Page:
Digging for profits: Who owns PH mines?


Name of mining firm: Citinickel Mines and Development Corp.
Location: Narra, Sofronio Espanola, Palawan
Mining area: 2,176 hectares
Metals extracted/mine products: Nickel 
Nickel production (2020): 499,573 dry metric tons valued at P1,061,090,654
Mining permit period: 2007-2032



Incorporation date: May 6, 2006

Pallera, Ferdinand M.
Fabella, Jose Marie E.
De Regla, Miguel D.
Radaza, Kenneth C.
Cabahug de Leon, Reynilda C.
Oriental Peninsula Resources Group Inc.
King Grown Group Limited
Olympic Mines & Dev. Corp.

Chairperson of the Board: Pallera, Ferdinand M.



Current assets: P1.62 billion (2019)
Current liabilities: P266.95 million (2019)
Total revenue: P366.49 million (2019)
Revenue from sale of nickel ore: P363.63 million (2019)
Net income: -P469.98 million (2019)



According to the Notice of Issuance of an Order issued to Citinickel, an order was issued to the firm on Feb. 8, 2017 pertaining to operations under MPSA 229-2007-IVB.

The result of the audit showed that Citinickel had violated mining and environmental laws, such as:

  • failure to submit land use;

  • quarterly status and production reports;

  • failure to secure the Strategic Environmental Plan (SEP) clearance;

  • lack of a special tree-cutting permit,

  • lack of a designated Community Relations Officer; and

  • not fully implementing the Social Development and Management Program, among others.

DENR’s further field validation also found that the mining operation of Citinickel has impaired the functions of a watershed in the area.

The order likewise states that company has violated certain provisions of the following laws and implementing rules and regulations:

  • RA 7942, otherwise known as the Philippine Mining Act of 1995; and

  • DAO 2010-21 or the Revised IRR of RA 7942.

These violations, according to the order, constituted sufficient grounds for the suspension of Citinickel’s mining operations.      

The full report and/or copy of the DENR order may be viewed here.



PCIJ sent a letter to the company on Feb. 10, 2022 and made follow-ups on March 2 and 24, 2022. We have not received a response as of this writing.



On Feb. 8, 2017, the Department of Environment and Natural Resources (DENR) issued an order suspending the mining operations of the Citinickel due to violations of certain provisions of Republic Act 7942 or the the Philippine Mining Act of 1995 and its revised implementing rules and regulations.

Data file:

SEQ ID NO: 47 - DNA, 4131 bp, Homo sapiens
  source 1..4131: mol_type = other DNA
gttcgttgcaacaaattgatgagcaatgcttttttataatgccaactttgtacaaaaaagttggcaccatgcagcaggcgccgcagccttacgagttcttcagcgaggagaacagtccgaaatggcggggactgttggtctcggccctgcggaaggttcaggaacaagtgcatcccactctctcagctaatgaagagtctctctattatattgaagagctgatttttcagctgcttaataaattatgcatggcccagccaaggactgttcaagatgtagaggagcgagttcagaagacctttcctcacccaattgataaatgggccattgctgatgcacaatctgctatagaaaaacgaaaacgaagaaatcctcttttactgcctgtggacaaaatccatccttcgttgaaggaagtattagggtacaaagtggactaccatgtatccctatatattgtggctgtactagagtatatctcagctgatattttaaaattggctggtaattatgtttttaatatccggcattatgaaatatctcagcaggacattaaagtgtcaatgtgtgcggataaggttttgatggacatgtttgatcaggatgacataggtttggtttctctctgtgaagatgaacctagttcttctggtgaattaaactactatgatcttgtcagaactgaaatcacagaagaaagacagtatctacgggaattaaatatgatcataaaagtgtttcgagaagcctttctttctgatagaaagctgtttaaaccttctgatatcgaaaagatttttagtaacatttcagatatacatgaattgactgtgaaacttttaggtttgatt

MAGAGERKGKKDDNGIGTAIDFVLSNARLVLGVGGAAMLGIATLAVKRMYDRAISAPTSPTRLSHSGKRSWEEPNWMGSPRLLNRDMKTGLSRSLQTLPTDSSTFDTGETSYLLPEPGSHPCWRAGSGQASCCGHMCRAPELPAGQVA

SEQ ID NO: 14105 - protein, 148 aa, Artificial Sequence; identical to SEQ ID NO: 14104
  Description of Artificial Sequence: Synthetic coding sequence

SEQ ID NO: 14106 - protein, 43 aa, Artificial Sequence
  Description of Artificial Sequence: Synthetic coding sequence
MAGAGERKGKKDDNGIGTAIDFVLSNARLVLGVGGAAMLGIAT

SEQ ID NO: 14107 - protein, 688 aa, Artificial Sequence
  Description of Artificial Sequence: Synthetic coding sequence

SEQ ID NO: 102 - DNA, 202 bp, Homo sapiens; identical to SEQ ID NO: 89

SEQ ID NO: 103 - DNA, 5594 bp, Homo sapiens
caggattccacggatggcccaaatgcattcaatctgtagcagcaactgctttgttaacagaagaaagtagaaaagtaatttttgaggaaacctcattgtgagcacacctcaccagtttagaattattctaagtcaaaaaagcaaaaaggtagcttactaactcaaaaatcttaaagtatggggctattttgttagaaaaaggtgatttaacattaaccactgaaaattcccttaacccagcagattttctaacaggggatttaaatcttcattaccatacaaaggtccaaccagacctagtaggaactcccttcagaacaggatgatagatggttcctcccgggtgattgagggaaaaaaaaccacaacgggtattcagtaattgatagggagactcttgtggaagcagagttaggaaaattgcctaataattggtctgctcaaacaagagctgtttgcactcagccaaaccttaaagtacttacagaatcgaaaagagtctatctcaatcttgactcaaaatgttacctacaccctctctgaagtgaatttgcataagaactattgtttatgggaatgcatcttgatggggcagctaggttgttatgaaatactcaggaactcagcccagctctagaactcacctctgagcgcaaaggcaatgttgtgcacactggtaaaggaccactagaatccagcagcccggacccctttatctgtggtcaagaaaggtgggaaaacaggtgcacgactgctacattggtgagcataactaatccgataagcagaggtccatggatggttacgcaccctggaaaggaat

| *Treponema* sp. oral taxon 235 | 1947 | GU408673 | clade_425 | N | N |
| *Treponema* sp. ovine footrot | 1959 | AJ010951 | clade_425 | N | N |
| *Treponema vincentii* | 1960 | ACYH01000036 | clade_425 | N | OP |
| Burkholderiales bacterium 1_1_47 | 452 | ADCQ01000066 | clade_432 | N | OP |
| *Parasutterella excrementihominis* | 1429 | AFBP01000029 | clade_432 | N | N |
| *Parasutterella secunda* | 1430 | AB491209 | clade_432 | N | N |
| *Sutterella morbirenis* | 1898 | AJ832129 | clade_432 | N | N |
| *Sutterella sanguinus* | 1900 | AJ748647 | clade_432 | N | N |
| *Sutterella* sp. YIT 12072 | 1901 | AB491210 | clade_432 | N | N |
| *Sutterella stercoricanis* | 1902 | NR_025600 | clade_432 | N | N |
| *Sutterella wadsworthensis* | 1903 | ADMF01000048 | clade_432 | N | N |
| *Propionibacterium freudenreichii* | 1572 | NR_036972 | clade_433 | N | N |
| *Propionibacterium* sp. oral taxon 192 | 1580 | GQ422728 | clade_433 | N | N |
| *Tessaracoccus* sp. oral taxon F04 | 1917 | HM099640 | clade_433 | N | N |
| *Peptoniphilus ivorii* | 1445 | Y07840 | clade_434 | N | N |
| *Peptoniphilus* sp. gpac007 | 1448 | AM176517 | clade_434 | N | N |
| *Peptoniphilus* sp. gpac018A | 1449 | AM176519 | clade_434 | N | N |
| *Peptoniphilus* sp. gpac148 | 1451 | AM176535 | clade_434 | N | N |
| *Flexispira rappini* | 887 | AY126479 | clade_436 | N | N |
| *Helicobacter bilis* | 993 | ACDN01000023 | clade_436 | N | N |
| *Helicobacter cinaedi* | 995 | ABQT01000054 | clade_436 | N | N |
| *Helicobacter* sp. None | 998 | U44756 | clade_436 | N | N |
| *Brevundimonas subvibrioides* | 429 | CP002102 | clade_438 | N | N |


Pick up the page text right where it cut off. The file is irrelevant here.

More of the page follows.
The company filed an appeal before the Office of the President on March 1, 2017.

According to the Mines and Geosciences Bureau, the company is allowed to ship ores after posting a surety bond, despite the suspension.



Municipality class of mining location: Narra, Palawan (1st class)
Population: 73,212 (2015)
Poverty incidence rate: 18.3% (2015)
Human Development Index: 0.55 (2012, provincial)
Indigenous peoples living within or near the mining location: Tagbanua
Municipality class of mining location: Sofronio Espanola, Palawan (2nd class)
Population: 32,876 (2015)
Poverty incidence rate: 30.4% (2015)
Human Development Index: 0.572 (2012, provincial)
Indigenous peoples living within or near the mining location: Tagbanua



Citinickel fined for pond spill in Palawan
Palawan mining firm operating despite suspension order, says NGO



General Information Sheet, 2020
Financial Statement, 2019
List of existing Mineral Production Sharing Agreements, Mining and Geosciences Bureau 
Philippine Metallic Mineral Production, Mines and Geosciences Bureau
Poverty and socioeconomic indicators, Philippines Statistics Authority

Copy of full Mine Audit Reports by company, 2016
Copy of Notices of Issuance of an Order, 2017
Copy of Orders of Cancellation and/or Suspension, 2017

Acronyms used:

RA (Republic Act)
IRR (Implementing Rules and Regulations)
PD (Presidential Decree)
DAO (Department Administrative Order)
MPSA (Mineral Production Sharing Agreement)
SDMP (Social Development and Management Plan)

Disclaimer: The mine audit was conducted in 2016 after Regina “Gina” Paz Lopez assumed the post of environment secretary. The findings in the reports, which authorities sent to the mining firms in 2016, were likely addressed in the succeeding years following a review conducted by the Mining Industry Coordinating Council after the audit led by Lopez, who died in 2019. PCIJ has verified the reports and reached out to each company for comment. We suggest you also confirm findings included in the reports as some information may have changed over time.

The reports come from files that PCIJ has received in connection with various environmental investigations. We are releasing them in full, recognizing the public value of the files to mining communities, miners, policymakers, civil society, and researchers.
Note: The Human Development Index is a measure of how well a country has performed, not only in terms of real income growth, but also in terms of social indicators that measure people's ability to lead a long and healthy life, acquire knowledge and skills, and have access to the resources needed to afford a decent standard of living. An HDI value below 0.550 is considered low and below 0.399 is very low. The national average for the Philippines is 0.718 as of 2020.

This article was produced with the support of Internews' Earth Journalism Network.